There's no margin for error now.
Saturday’s 27-23 loss to LSU broke the hearts of Auburn fans hoping to see the team emerge as a national contender and brought with it a dose of reality — that this Auburn team is simply not ready to challenge the nation’s best teams.
Things looked great for a quarter and a half on Saturday. Jarrett Stidham and the offense moved the ball with ease in the first quarter and took a 10-0 lead after the LSU defense forgot to cover Will Hastings.
That lead increased to 20-0 after a Kerryon Johnson touchdown run and Daniel Carlson’s second field goal of the game. Halfway through the second quarter, Auburn looked like the dominant team that had steamrolled Mississippi State and Ole Miss.
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But those games were at Jordan-Hare Stadium, where the crowd was trying to push Auburn into the national championship discussion. The crowd in Death Valley was different. They were desperate, determined to save the reputation of their Tigers and coach Ed Orgeron after the embarrassment of losing to Troy on their home field.
After a Stephen Sullivan touchdown run got LSU on the board and kept the Tigers within striking distance, Stidham and company had a chance to potentially put the game away with a touchdown before halftime. Stidham led the offense 62 yards into the red zone, but the drive stalled at the 8-yard line and forced Carlson to kick a 26-yard field goal.
Given new life after his defense made a big stop, Danny Etling quickly led LSU on an 8-play, 75-yard touchdown drive capped off by a 14-yard touchdown pass with just 32 seconds left before the half. Just like that, a game that should have been over at halftime was a ballgame again.
What happened next shouldn’t have been a surprise. Auburn dominated the line of scrimmage early, but was manhandled up front when it mattered late in the game. For two quarters, Stidham looked like the guy who was ready to take Auburn to that next level.
But when the lights were brightest, when his team needed him to steal a big win on the road, he couldn’t do it. Outside of their final two possessions, Auburn gained just 55 yards on offense in the second half.
The Tigers became predictable on offense in the second half. They ran the ball for little yardage on first and second down and then were forced to throw on third down and long. At one point, Auburn ran the ball on 17 consecutive first downs, nearly three entire quarters.
The LSU defense held nothing back, they played man coverage on the outside and came after Stidham, giving him little time to throw.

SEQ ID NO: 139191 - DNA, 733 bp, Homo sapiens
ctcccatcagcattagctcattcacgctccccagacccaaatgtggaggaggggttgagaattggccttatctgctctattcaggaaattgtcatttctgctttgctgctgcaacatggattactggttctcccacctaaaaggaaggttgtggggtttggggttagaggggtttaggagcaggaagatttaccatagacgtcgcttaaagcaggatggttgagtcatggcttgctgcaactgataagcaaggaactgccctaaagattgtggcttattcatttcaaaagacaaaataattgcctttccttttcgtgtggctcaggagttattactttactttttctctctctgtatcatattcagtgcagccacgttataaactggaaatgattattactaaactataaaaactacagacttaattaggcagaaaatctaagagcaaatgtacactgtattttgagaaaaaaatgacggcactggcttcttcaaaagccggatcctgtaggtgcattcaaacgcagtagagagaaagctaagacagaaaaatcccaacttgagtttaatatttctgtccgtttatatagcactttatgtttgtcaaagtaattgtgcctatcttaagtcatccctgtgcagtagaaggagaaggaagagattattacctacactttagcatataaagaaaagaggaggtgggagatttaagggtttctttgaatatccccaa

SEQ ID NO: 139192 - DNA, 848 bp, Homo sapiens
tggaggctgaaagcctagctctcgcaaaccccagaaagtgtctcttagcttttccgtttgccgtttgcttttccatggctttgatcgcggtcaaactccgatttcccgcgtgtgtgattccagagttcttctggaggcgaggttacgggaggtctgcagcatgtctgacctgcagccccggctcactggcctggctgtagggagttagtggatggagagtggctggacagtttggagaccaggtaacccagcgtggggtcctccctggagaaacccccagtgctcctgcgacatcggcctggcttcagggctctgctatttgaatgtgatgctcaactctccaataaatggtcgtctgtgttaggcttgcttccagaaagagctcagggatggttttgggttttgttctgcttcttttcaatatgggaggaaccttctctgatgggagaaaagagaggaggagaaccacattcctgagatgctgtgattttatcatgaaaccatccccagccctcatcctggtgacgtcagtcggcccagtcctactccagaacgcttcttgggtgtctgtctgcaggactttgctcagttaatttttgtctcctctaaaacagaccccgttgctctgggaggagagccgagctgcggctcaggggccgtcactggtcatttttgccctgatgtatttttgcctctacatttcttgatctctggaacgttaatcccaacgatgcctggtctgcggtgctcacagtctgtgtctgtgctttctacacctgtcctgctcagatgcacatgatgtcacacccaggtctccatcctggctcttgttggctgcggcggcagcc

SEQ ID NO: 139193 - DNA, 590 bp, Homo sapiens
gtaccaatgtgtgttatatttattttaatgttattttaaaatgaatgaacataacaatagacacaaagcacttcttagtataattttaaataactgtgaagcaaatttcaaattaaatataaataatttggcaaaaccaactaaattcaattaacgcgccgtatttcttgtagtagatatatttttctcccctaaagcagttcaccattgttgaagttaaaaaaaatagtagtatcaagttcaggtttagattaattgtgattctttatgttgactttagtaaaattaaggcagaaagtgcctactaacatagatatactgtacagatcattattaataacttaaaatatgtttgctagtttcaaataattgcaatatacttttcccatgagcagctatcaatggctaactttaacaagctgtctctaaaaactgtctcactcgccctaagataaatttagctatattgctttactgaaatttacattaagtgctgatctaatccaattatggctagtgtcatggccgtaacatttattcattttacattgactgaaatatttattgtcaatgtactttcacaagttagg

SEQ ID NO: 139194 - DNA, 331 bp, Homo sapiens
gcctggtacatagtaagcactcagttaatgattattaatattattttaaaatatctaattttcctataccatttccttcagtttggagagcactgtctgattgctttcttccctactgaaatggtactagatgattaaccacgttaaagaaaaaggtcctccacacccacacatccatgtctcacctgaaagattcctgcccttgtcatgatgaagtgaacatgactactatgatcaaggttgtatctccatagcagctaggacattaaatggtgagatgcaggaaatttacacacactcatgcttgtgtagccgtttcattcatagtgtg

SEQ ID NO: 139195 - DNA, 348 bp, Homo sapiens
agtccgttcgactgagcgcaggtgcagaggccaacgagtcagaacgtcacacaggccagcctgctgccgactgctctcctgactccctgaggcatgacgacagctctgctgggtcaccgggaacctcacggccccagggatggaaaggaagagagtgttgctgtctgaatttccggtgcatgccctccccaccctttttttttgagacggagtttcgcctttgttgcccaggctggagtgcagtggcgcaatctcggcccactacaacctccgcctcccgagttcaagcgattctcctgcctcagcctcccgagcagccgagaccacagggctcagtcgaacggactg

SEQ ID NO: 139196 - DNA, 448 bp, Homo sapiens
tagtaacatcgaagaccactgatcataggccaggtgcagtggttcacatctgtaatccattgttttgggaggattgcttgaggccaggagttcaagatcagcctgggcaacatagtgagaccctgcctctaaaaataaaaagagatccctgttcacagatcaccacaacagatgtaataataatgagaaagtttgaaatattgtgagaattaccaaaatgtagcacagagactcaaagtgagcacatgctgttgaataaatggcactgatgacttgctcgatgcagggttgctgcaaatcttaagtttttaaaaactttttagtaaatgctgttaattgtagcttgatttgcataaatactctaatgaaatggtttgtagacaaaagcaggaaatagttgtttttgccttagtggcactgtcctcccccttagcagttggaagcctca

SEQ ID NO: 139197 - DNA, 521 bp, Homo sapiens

The blueprint for beating Auburn is simple. Stop the run, and get after the quarterback. And that’s what good teams do well. Nick Saban has won multiple national championships with a defense that executes that gameplan to perfection.
It was a familiar sight for Auburn fans. Wilting under pressure in big games has become the norm.
The Tigers were in a similar situation against Georgia a year ago. Needing a win to prove themselves as a threat both in the SEC and nationally, Auburn couldn’t move the ball in the second half, and were dominated up front as they were upset by the Bulldogs.
It happened again against Clemson earlier this year. Auburn couldn’t handle Clemson’s defensive line and gained just 117 total yards as they lost 14-6 in a game that felt like a Clemson blowout.
Relying on the defense to carry the team in big games can only go so far, that has now become clear. The conservative offensive play-calling down the stretch in close games is a recipe for disaster.
Auburn players and coaches tried to blame Saturday’s loss on execution, but this loss ultimately falls on the coaching staff. Changes need to be made.
Ed Orgeron made halftime adjustments, Gus Malzahn did not. When LSU brought another man into the box in the second half, Malzahn continued to stick with the run, no matter how many times the LSU front seven stuffed Kerryon Johnson in the backfield.
Stidham saw this, but said he was not given the authority to change the play call accordingly. This is inexcusable. Stidham is relatively inexperienced and has struggled at times, but he’s proven himself to be a capable quarterback. It’s time to turn him loose.
Things won’t get any easier moving forward for the Tigers, and jobs are on the line as the season moves into the second half. Whatever margin for error Gus Malzahn had heading into the meat of the SEC schedule is gone.
Road games at Arkansas and Texas A&M are now must wins for Malzahn if he hopes to keep his job, and Auburn will likely be heavy underdogs in their final two SEC games against Georgia and Alabama.
Malzahn said postgame that this loss “is not the end of the world.”
He’s right, it’s not the end of the world. But it should be the end of his tenure at Auburn.
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